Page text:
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High school students now required to pass civics test

 

photo of the writer of this opinion Joshua Bowling
Joshua Bowling
Mesa Legend

Arizona is the first state in the country requiring high school students to pass a civics test in order to get their diploma.  The American Civics Act, legislation submitted to Gov. Ducey – and passed on Jan. 15 – requires high school students pass a civics test in order to graduate.

Brian Dille, a professor of political science at MCC, said the good of the legislation comes with the bad as well.  “I have long advocated civic education at the K-12 level,” Dille said. “Every summer I work with the Arizona Legal Foundation to help with their ‘We The People’ curriculum, and so I meet with K-12 teachers and teach them how to teach the ‘We The People’ curriculum.”  A society has a vested interest in making sure its children are educated properly, but the plan does not always work out in such a manner, according to Dille.

“Every other democracy before the United States failed,” Dille said. “One reason they failed is because the mob was easily swayed – in a moment of crisis – to give up their freedoms.”  Having the test be mandatory provides schools with an incentive to perform well, as well as a standard to see how well their students are applying themselves, according to Dille.

The legislation, Dille said, is unfunded, placing a high burden on the school system. With such legislation, there is not much room for the private sector to help, either.  “Now they’ve added an additional requirement, so it’s like, ‘We’re not going to pay you any more money, but here’s something else you have to do,’” Dille said.  The state legislature often passes laws mandating what schools throughout Arizona can or can not do, as well as what they are required to do. This causes an issue for the education system, Dille said.

“Because it’s a requirement and a burden, it’s going to be done poorly,” Dille said.  Though public schools garner a public interest, the legislature is often too eager to tell teachers how to do their job, he said.  Additional requirements from the state legislature, according to Dille, limit the teacher’s freedom in the classroom.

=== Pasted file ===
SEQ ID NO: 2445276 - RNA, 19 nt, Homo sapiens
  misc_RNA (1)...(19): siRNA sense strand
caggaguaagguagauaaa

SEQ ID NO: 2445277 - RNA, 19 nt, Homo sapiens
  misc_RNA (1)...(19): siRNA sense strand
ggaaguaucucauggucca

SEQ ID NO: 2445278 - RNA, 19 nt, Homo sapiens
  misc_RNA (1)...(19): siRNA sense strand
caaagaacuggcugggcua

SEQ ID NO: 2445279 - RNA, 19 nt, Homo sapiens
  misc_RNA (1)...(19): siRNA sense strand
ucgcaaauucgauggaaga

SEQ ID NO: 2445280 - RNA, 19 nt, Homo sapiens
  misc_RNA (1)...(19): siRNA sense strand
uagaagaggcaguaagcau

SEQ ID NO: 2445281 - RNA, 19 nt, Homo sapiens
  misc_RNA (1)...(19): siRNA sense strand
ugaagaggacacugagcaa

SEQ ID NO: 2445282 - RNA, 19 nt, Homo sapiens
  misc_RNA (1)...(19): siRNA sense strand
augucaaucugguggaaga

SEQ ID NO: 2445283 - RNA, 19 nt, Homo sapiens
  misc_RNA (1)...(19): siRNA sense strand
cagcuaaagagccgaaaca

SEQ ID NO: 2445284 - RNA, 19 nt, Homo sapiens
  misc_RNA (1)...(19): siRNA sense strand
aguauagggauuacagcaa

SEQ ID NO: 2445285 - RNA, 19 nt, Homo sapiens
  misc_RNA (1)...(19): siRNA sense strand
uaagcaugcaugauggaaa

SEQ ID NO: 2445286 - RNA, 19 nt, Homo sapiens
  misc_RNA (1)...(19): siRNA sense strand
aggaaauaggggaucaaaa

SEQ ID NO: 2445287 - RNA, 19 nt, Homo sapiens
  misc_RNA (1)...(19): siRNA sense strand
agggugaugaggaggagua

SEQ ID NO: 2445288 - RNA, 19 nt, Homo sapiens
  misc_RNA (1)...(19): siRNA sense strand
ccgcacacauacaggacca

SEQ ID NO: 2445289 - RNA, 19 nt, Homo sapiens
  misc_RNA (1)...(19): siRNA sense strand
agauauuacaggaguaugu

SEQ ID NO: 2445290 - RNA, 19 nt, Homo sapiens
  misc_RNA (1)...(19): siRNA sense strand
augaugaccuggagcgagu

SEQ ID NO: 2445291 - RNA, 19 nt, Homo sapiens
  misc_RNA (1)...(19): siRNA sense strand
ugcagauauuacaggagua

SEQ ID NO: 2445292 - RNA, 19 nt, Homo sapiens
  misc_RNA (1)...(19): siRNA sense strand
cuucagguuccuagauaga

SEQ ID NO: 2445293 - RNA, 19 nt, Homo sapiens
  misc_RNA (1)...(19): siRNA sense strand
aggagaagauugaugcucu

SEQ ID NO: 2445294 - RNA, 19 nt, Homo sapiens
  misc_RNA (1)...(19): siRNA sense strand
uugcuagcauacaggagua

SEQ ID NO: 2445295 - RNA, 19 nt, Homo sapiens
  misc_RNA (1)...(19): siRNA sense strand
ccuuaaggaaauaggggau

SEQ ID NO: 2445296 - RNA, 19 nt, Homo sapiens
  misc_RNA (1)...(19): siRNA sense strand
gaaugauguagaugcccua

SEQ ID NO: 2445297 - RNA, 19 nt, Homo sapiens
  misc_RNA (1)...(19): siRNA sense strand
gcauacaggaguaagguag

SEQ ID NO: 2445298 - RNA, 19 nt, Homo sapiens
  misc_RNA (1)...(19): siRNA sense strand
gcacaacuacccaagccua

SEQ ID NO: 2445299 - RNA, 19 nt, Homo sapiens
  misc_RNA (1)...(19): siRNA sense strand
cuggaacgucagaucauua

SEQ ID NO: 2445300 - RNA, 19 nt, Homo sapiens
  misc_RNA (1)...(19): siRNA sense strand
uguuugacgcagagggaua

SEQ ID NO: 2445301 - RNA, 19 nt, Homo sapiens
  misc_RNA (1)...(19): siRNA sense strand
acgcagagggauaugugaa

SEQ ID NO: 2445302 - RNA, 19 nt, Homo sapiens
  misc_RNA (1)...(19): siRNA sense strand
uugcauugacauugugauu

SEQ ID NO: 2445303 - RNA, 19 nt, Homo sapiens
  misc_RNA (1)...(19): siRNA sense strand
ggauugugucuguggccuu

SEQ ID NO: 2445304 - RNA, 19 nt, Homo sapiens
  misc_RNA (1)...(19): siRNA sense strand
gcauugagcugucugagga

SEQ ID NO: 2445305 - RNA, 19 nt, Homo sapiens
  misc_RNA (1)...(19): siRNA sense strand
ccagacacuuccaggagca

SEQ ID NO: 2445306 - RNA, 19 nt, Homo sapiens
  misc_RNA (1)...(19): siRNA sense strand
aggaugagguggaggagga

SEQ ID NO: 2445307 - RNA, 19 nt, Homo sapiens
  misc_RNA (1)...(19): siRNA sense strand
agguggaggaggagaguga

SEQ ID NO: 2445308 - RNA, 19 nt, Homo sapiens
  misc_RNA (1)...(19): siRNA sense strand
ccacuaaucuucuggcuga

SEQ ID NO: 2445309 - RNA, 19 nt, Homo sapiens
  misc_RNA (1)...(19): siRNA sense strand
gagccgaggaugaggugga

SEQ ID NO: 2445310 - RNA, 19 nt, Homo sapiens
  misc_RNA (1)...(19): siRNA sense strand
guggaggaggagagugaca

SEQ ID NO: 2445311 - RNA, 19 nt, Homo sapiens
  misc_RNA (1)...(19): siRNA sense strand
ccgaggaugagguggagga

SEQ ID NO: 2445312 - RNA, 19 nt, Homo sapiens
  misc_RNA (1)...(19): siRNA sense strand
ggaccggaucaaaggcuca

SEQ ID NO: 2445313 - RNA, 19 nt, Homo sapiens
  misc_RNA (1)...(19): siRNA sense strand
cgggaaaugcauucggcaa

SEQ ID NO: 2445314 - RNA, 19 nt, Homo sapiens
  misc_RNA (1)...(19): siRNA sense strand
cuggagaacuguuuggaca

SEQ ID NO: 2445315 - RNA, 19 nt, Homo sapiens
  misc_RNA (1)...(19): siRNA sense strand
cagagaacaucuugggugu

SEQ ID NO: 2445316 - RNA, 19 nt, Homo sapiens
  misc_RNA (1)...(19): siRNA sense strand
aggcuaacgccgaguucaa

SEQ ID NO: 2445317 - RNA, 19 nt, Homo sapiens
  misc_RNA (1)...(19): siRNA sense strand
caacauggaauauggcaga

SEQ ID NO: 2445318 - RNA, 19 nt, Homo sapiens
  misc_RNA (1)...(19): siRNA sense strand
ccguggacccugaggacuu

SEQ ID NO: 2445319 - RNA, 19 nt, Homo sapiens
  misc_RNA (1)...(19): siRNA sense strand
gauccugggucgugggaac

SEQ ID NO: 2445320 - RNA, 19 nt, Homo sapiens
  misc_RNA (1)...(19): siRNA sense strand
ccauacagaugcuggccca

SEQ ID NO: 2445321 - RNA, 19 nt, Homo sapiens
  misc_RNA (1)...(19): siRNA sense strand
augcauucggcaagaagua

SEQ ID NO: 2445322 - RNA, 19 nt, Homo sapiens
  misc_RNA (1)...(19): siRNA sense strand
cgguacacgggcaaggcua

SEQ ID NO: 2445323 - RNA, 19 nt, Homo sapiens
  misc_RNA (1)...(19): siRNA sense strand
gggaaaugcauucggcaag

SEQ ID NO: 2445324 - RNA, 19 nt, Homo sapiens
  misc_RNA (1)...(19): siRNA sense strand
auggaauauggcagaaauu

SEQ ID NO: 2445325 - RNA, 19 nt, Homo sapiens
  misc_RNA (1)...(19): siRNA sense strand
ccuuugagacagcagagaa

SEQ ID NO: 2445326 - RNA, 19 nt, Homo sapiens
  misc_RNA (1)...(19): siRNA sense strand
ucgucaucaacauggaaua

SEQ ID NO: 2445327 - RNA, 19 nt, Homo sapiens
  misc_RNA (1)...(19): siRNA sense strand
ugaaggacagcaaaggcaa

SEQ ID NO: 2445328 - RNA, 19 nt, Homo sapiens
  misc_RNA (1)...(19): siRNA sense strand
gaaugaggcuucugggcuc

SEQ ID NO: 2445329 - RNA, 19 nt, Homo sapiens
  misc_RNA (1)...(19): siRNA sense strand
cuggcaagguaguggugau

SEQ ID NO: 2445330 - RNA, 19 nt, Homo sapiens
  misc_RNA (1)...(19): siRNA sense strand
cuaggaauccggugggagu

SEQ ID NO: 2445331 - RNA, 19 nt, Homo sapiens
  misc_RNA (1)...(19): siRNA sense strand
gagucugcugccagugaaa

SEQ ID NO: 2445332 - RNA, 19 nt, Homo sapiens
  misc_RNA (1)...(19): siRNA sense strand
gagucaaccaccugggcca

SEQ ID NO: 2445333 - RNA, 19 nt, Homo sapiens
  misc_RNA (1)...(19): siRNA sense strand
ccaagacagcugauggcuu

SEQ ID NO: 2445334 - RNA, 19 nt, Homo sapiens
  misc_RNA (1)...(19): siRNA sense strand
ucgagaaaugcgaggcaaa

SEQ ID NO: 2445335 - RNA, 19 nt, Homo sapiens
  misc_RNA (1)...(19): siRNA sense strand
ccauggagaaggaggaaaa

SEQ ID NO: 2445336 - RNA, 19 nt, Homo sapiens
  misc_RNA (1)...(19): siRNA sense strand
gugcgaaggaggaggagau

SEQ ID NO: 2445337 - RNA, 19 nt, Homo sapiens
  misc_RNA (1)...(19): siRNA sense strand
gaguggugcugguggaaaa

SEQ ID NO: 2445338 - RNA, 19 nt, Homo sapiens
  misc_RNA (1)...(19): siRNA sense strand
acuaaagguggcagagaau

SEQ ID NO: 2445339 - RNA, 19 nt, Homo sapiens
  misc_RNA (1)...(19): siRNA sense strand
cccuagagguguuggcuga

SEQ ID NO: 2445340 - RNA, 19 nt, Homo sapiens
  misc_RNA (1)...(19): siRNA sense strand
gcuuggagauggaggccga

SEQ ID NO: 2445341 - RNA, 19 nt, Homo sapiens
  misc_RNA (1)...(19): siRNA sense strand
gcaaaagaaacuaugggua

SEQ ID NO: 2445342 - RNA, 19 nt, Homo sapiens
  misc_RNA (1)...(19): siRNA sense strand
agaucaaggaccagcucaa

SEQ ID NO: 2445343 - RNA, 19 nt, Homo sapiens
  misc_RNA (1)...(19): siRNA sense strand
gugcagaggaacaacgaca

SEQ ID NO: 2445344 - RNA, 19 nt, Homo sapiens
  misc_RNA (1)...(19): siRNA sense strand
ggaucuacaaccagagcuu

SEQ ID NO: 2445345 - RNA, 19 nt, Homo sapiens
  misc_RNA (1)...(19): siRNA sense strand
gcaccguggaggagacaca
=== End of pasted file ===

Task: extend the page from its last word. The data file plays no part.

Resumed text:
“Even though I agree with what they’re doing, I don’t like the way they’re doing it,” he said.  The test is based on 100 U.S. government and history questions, the legislation read. The test is administered by a United States Citizenship and Immigration Services (USCIS) agent who reads up to 10 questions from the list.  Students must get at least six out of the 10 questions right in order to receive a passing grade.

Alternatively, one provision of the legislation allows students answer 60 out of 100 questions correctly on an equivalent test.  Students are allowed to retake the test until they pass.  Though students are required to pass the test, it is made too easy, Dille said.

“The cynical answer for why 60 percent, is because if they put it at 80 percent, the vast majority of our students would not graduate, which would cause problems,” he said.  Whether or not the 60-percent requirement is adequate remains to be seen.  Dille believes the requirement is too low, giving students an easy way out of actually studying civics.

MCC student, Kristian Charboneau, however, said he thinks the requirement is fine.  “I think it’s better they have to take it,” Charboneau said.  He went on to say he believes it better to be aware of at least some civics and government, rather than not be required to learn any of it.  At the college level, Charboneau said he believes incoming students will be more prepared than incoming students of previous classes.  This requirement applies to district and charter schools, and will be go into effect in the 2016 – 2017 school year.

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